Vorel: Notre Dame responds to early adversity by dominating N.C. State

Mike Vorel
South Bend Tribune

SOUTH BEND — A close game is coming.

One day. Maybe.

Many thought it would arrive on Saturday afternoon, with a top-15 match up between No. 9 Notre Dame and No. 14 N.C. State. After all, the Wolfpack were owners of six consecutive wins, the last two coming in conference play by double digits. Dave Doeren’s team touted the No. 6 rushing defense nationally and a balanced offense averaging 35.4 points per game.

It was uncomfortably cold, with a wind chill of 33 (think: “33 Trucking”) degrees at kickoff.

N.C. State (6-2) was healthy, rested and prepared, the result of a well-placed mid-season bye week.

Surely, this week, after winning the previous five games by an average of 28.4 points, Notre Dame would finally — finally — be tested.

Adversity would hit.

Would the Irish hit back?

“I would be totally OK beating the rest of the teams by a lot of points,” senior linebacker Greer Martini said with a smirk on Wednesday. “But I think definitely as a competitor we want a close game and we're ready for that close game. And when it comes I think we're going to be able to dominate that type of situation.”

On Saturday, in a 35-14 Irish victory, it was close … until it wasn’t. For the first time since Notre Dame trailed Boston College 3-0 on Sept. 16, the Irish didn’t score first. For the second consecutive season, N.C. State blocked a Tyler Newsome punt and returned it for the game’s first touchdown.

Notre Dame trailed 7-0, then 14-7.

This time last year, the Irish would have crumbled like saltine crackers in a soup.

On Saturday, like Martini said, Notre Dame (7-1) was ready, and it dominated the situation.

“When you get a punt block, it has a tendency to really affect your football team,” Notre Dame head coach Brian Kelly said. “Our guys never flinched. It was as if nothing ever occurred other than, ‘Let's get back out on the field and get back to work.’

“That's hard to build. It took us a long way, a long time to get to that, and our guys just have that never-flinch, keep-playing, one-play-at-a-time (attitude), and the cumulative effect of that is what you saw today.”

Instead of flinching, Notre Dame rushed for 318 yards and 5.9 yards per carry against a defense that allowed an average of 91.3 rushing yards in its first seven games. Instead of flinching, junior captain Josh Adams ripped off his second 200-yard rushing game of the season, trucking his way to 202 yards and a runaway 77-yard touchdown.

In eight games this season, Adams has eight runs of 59 yards or more.

In the 13 seasons prior, Notre Dame’s program had — you guessed it — eight runs of 59 yards or more.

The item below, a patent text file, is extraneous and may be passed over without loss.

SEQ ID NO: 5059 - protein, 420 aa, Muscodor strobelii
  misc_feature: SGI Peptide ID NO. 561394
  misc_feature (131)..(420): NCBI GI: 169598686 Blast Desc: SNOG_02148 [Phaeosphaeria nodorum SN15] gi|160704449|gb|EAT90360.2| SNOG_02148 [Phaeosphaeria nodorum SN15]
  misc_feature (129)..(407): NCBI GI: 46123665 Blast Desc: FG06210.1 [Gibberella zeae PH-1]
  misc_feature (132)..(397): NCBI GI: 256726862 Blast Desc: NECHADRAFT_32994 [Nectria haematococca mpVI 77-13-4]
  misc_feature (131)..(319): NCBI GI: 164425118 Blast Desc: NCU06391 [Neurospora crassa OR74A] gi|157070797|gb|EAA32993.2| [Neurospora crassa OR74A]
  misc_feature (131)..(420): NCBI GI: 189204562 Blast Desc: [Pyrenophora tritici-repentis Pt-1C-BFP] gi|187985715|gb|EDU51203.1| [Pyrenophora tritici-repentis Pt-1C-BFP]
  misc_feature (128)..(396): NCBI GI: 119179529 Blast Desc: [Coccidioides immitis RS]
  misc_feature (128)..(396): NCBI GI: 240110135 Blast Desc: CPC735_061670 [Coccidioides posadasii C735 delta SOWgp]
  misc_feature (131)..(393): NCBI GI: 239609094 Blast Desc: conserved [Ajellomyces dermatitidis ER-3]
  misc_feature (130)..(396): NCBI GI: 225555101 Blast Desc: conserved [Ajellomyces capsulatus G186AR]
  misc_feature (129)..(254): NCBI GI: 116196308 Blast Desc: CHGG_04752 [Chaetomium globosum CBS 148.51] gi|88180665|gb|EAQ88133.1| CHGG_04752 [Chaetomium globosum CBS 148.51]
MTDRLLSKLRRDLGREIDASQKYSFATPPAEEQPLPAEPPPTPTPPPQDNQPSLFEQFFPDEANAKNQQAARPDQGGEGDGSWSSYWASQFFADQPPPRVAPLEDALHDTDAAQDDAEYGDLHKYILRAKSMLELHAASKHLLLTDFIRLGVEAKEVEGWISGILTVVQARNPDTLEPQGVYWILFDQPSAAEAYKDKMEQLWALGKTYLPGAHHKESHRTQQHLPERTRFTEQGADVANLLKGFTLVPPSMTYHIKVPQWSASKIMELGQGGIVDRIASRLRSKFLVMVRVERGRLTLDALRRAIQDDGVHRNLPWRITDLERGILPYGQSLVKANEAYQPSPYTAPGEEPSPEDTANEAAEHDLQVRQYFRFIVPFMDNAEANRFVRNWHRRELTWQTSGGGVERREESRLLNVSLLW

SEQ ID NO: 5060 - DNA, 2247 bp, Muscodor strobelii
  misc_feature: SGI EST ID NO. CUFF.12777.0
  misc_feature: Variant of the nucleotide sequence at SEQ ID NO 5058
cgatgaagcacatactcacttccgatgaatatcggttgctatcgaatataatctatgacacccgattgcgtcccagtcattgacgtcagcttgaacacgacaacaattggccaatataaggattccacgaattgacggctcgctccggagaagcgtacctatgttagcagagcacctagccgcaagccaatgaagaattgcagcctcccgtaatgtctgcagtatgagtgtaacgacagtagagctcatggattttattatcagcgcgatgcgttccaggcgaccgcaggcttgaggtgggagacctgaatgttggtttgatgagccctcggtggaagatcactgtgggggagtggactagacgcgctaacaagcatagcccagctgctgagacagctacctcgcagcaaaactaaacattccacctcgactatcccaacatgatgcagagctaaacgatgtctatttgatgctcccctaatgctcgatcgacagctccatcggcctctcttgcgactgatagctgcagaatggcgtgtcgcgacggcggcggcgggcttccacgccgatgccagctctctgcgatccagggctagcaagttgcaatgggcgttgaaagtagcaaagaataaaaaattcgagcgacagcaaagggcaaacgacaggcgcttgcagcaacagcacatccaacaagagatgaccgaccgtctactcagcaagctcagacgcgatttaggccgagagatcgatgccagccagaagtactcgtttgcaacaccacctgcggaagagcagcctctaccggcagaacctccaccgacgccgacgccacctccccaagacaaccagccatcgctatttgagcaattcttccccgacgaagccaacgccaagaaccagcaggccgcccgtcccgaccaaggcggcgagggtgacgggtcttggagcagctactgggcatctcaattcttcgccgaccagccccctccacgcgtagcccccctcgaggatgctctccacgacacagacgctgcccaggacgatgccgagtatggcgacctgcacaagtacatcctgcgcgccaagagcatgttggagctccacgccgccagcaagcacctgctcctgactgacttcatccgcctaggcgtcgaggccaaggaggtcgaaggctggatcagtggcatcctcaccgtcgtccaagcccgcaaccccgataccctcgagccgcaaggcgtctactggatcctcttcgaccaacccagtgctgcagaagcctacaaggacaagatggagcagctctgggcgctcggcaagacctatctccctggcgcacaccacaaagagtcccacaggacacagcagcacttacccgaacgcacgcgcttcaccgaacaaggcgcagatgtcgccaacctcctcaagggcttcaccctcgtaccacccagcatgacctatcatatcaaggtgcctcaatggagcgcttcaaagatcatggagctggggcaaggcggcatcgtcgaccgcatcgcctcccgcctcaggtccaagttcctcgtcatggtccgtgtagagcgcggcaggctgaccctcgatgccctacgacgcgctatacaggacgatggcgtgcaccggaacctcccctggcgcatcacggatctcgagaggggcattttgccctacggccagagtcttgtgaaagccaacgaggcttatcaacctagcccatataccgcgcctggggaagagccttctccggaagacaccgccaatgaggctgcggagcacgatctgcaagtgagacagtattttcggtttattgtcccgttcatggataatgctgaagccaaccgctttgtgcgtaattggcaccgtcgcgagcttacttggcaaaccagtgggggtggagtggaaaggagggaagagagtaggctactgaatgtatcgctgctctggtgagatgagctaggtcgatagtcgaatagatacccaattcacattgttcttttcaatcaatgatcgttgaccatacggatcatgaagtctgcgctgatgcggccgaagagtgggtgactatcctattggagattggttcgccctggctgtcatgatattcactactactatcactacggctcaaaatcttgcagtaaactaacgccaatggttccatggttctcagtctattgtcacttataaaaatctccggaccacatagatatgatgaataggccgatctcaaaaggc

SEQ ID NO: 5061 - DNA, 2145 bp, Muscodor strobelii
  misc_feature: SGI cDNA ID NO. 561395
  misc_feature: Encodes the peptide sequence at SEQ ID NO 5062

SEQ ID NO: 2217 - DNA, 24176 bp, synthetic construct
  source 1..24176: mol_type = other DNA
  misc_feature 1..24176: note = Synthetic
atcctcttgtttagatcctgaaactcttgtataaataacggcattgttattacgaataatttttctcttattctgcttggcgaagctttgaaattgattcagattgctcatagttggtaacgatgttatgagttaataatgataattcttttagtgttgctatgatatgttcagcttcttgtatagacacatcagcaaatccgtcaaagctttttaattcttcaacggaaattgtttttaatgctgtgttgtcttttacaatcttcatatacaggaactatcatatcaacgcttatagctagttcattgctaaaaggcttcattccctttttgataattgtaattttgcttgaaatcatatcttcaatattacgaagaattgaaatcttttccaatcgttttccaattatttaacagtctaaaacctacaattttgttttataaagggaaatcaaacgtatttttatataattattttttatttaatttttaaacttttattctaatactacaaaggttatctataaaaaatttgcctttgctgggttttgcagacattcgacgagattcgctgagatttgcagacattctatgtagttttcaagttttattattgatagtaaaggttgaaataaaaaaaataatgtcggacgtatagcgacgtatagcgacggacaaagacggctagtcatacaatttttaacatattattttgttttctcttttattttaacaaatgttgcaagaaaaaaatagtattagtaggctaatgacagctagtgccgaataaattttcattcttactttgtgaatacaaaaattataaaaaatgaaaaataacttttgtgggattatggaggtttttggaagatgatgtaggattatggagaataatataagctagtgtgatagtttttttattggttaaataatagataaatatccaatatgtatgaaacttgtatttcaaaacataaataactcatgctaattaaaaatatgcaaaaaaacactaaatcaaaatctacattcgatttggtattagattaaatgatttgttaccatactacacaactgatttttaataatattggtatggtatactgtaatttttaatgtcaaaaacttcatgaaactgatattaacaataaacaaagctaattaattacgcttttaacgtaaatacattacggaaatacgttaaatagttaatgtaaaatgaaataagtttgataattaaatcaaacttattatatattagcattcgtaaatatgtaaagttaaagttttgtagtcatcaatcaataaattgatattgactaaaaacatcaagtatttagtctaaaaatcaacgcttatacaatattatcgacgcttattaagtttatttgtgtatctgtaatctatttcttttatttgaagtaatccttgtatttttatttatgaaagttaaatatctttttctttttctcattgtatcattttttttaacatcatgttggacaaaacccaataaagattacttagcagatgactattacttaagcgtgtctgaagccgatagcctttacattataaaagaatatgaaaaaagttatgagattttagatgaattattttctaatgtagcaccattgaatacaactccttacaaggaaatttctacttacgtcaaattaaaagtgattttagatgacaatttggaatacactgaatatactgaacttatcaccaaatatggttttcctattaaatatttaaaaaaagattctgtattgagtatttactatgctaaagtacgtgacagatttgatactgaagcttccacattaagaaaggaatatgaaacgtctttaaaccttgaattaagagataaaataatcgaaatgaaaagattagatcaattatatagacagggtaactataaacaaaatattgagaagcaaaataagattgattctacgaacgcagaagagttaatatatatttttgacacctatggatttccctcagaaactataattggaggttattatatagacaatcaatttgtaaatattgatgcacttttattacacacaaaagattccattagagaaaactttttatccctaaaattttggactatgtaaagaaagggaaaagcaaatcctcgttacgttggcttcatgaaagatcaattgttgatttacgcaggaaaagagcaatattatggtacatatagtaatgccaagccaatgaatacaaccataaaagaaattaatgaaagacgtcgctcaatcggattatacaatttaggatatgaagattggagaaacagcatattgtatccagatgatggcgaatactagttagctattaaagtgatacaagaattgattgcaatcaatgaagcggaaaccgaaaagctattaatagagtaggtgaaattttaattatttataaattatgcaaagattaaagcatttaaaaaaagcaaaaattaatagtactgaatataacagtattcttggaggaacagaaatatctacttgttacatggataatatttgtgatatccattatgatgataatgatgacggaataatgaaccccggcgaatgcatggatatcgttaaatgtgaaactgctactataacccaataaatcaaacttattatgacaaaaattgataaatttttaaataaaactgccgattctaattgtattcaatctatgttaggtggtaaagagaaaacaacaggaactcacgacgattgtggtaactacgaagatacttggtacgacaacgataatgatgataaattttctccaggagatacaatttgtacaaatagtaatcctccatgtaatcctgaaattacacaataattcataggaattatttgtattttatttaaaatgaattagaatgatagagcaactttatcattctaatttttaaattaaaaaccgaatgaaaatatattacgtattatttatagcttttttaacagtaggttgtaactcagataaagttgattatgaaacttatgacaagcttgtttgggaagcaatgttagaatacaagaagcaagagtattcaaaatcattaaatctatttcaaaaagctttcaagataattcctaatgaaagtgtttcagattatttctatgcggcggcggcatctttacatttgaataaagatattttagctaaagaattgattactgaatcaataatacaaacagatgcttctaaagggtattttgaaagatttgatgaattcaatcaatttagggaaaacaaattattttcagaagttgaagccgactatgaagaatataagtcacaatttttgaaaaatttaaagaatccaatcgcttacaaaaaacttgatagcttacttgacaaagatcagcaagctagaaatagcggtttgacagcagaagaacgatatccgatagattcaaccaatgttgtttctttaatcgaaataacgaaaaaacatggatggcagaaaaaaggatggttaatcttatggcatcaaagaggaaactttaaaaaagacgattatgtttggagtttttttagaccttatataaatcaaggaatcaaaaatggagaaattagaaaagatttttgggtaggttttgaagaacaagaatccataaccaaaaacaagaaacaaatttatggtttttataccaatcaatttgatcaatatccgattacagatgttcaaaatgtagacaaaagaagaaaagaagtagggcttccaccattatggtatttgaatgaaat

Instead of flinching, the Irish snapped a streak. N.C. State quarterback Ryan Finley, who had thrown 339 consecutive passes without an interception, lofted a ball towards the sideline that cornerback Julian Love jumped in front of, then carried behind a cavalcade of blockers 69 yards into the end zone.

It was Notre Dame’s 18th forced turnover in eight games, four more than the Irish managed all of last season.

Instead of flinching, Notre Dame tight end Durham Smythe and wide receiver Kevin Stepherson dragged their tippy-toes in bounds for back-to-back acrobatic catches, the latter being an 11-yard touchdown.

The distributor of those passes — junior quarterback Brandon Wimbush — completed 10 of 19 passes for 104 yards and two touchdowns, while tacking on 21 rushing yards. It was his fourth consecutive game without an interception.

“We know what we have on the defensive and offensive side and special teams,” Wimbush said, wearing a “33 Trucking” hat that represents Adams’ Heisman Trophy campaign. “We weren’t worried (after the blocked punt). We knew we were going to put up points, and the defense was going to do what they’ve been doing all year.”

On Saturday, the Irish followed a predictable yet effective formula. They pummeled an overmatched opponent into submission, again. They turned turnovers into touchdowns, again. They allowed 20 or fewer points, something first-year defensive coordinator Mike Elko’s group has done in all eight games this season.

Only this time, they were served up some early adversity.

Instead of flinching, they responded. Loudly. Emphatically.

And in no uncertain terms.

After it was over, as he walked to the northwest corner of the stadium to sing the alma mater, senior center Sam Mustipher said seven simple words — to no one, and everyone.

“Maybe one day we’ll get some respect.”

One day. Maybe.

How about Tuesday, when the first edition of the College Football Playoff rankings come out?

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Twitter: @mikevorel

Notre Dame’s Daelin Hayes (9) and C.J. Holmes (16) celebrate during the North Carolina State at Notre Dame NCAA college football game Saturday, Oct. 28, 2017 at Notre Dame Stadium in South Bend. Tribune Photo/MICHAEL CATERINA